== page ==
Published: Tuesday, March 5, 2013

Abdul Matin

History’s Chronicler

Abdul Matin

Abdul Matin

The scholar and chronicler of Bangladesh’s modern history Abdul Matin died in London a fortnight ago. He was 89, a very sprightly and intellectually agile 89. And he was my friend with whom I came in contact with rather late in life, both his and mine. It was with something of trepidation that I first spoke to him, in my capacity as minister press at Bangladesh’s high commission in London, in September 1997, over the phone, to invite him to be part of Prime Minister Sheikh Hasina’s entourage at the meeting of Commonwealth heads of state and government in Edinburgh the following month. He was happy at my call. And he was in Edinburgh with all of us. On the evening of the day before the conference ended, he and I were invited by the Prime Minister to her suite, where the three of us had a relaxed conversation on politics and on Bangladesh’s history.
In all the time that went by after Edinburgh, Matin Bhai and I kept in touch. He was constantly bubbling over with ideas and often called me in Dhaka from his home in south-west London, a city where he had been settled since 1960. He loved conversation; and if it was about politics, his enthusiasm was palpable and without end. On the phone he would often speak to me of some old newspaper article he had fished out from his collection and of a photocopy of which he was mailing me. And when his new books were published in Dhaka, he wrote to his publisher and to Sanchita, my friend and one who has held Matin Bhai in deep reverence, to have a copy delivered to me. On the phone, as he neared the end of the conversation, he would let me know that he did not have much of life remaining in him and therefore wanted to pass on to me his perspective on Bangladesh’s history. I tried to remonstrate with him over his feeling of creeping mortality, but he would gently brush my protests away.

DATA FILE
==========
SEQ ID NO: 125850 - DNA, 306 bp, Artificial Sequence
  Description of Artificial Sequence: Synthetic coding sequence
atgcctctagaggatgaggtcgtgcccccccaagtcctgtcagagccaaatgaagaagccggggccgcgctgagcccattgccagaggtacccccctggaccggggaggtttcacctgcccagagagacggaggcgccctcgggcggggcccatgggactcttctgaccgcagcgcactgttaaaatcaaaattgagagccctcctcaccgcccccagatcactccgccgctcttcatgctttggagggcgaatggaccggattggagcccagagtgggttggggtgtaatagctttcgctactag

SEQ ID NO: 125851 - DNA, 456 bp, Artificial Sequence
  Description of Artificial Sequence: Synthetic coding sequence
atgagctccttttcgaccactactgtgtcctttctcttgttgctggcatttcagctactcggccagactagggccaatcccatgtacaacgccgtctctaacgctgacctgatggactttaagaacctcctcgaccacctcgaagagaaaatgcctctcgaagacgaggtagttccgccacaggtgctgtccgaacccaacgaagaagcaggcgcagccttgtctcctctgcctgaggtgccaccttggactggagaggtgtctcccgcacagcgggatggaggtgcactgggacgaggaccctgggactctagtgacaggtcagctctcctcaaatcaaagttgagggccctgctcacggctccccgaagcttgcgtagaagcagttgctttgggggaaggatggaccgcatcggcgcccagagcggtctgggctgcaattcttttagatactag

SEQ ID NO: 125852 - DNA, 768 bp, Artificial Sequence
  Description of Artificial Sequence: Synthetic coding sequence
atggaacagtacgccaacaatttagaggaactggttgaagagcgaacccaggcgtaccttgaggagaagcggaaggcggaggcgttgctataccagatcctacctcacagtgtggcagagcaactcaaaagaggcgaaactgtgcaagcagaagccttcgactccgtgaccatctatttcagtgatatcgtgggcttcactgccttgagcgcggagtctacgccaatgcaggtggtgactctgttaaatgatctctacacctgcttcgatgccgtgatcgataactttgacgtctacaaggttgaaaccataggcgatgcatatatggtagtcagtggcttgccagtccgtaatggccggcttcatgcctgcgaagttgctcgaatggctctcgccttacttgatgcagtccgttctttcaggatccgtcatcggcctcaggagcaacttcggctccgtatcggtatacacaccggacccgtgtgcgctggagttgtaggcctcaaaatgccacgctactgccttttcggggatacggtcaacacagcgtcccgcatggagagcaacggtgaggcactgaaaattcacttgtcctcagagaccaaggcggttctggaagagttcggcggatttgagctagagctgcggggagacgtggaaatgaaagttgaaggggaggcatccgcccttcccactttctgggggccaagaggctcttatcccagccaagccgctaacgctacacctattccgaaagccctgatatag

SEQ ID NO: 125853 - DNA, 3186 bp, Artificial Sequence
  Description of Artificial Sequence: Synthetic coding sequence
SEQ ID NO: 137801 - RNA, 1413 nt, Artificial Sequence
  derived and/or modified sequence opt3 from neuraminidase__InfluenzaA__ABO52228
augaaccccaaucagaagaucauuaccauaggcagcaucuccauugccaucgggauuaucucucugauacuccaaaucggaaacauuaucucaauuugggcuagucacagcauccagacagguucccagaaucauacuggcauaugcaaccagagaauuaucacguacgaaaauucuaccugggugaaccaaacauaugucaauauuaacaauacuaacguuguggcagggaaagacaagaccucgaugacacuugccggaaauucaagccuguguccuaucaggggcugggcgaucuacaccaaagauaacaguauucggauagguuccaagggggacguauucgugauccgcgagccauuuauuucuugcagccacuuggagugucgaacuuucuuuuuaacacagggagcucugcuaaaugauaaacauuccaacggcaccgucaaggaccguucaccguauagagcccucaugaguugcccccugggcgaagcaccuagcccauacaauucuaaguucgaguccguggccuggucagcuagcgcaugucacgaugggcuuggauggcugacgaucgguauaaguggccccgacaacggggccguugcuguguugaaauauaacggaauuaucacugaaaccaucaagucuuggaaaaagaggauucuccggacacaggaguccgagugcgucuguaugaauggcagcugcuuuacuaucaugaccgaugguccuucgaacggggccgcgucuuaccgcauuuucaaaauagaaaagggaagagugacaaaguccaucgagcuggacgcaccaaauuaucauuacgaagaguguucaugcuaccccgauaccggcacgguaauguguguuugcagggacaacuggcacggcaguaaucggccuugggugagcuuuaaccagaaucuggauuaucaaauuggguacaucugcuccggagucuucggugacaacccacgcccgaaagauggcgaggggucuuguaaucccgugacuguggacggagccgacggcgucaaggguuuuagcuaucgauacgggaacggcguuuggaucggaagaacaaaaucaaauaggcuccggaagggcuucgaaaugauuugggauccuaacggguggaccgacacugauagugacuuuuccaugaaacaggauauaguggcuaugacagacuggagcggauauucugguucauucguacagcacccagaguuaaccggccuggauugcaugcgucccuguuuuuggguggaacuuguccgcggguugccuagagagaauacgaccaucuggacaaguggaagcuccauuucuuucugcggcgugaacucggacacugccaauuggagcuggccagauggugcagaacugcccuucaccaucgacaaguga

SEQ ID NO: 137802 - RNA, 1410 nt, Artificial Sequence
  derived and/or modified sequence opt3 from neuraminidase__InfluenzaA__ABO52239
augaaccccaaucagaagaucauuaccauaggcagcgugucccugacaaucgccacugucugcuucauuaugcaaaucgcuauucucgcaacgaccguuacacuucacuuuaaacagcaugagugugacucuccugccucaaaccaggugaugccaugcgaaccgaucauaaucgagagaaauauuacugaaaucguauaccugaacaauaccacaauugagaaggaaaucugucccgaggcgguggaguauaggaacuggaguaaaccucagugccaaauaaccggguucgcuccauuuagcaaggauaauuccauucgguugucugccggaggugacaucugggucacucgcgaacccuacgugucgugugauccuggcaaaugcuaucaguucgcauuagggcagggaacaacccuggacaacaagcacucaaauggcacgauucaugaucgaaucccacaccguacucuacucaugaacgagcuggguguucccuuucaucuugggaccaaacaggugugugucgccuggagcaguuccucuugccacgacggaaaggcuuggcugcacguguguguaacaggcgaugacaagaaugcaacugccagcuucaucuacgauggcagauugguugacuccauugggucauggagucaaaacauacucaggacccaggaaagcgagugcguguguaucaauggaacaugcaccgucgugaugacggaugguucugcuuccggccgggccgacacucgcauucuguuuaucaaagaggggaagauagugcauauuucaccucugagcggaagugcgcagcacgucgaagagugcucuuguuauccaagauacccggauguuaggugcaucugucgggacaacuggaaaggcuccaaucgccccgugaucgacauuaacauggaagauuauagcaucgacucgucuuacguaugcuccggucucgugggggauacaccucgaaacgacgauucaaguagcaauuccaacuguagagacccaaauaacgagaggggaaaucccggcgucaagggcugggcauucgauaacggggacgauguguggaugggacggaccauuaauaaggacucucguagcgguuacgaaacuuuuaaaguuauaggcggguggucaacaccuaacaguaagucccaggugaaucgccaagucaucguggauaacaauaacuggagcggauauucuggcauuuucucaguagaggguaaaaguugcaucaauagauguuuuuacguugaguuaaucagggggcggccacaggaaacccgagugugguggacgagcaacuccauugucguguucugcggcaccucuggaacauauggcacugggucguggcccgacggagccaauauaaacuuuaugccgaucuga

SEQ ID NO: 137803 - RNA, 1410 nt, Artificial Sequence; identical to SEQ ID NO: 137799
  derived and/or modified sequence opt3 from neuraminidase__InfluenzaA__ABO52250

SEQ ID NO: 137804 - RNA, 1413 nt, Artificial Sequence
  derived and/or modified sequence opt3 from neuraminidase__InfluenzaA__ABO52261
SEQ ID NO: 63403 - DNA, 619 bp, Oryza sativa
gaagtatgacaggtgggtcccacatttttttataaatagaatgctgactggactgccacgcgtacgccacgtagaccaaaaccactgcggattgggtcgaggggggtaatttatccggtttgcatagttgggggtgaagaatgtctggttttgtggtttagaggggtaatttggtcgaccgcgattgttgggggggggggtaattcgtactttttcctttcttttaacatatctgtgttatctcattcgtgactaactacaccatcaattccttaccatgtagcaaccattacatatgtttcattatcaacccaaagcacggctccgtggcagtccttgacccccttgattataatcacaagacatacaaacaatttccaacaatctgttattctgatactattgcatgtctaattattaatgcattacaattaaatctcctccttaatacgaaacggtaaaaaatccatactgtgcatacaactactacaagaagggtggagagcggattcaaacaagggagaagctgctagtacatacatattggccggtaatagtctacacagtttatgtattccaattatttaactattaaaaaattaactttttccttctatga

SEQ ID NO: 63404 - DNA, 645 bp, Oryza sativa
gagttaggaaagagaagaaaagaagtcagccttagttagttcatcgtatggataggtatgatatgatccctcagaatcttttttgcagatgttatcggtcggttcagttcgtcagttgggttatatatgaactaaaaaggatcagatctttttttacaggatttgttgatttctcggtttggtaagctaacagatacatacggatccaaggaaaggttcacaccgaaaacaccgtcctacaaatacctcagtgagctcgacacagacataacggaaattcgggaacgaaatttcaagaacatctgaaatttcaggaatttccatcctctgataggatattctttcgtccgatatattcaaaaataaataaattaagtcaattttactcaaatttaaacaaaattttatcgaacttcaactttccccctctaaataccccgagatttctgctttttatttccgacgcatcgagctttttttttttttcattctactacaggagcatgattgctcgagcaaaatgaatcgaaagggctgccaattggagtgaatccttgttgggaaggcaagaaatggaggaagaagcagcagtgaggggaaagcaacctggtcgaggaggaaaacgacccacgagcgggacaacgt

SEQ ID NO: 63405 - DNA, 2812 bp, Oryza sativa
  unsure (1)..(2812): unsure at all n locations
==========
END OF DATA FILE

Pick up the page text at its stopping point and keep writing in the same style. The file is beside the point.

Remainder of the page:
Matin Bhai and I have talked long and deep over the way in which Bangladesh’s history took a nosedive after August 1975. He loved Bangabandhu without reservation; and he was truly glad that my appreciation of Bangabandhu was something that approximated his. Every time I travelled to London, something I do once a year, he would look forward to my visits to his residence on Seely Road. And I knew that meeting him was never a casual matter that would last a mere half hour or a full hour. He insisted that he and I have lunch together. As he prepared the salmon or some other fish he had bought earlier for the two of us in his kitchen, we talked. More likely, I listened as he spoke, taking in the wealth of information he was giving me about the nation’s past. The afternoon would slowly roll into evening and we would still be talking. My last meeting with Matin Bhai was in May last year when I visited London at the invitation of Britain’s Foreign and Commonwealth Office. It was a cold evening when I said goodbye to him. His cats, quite a few, along with some other cats – friends of his cats – were at the door for their dinner and Matin Bhai spoke to them affectionately. As I watched him, something told me it was our last meeting. And it was. Faruque Ahmed, the young Bengali writer and researcher in London, e-mailed me on my birthday to say that Matin Bhai had died the previous day.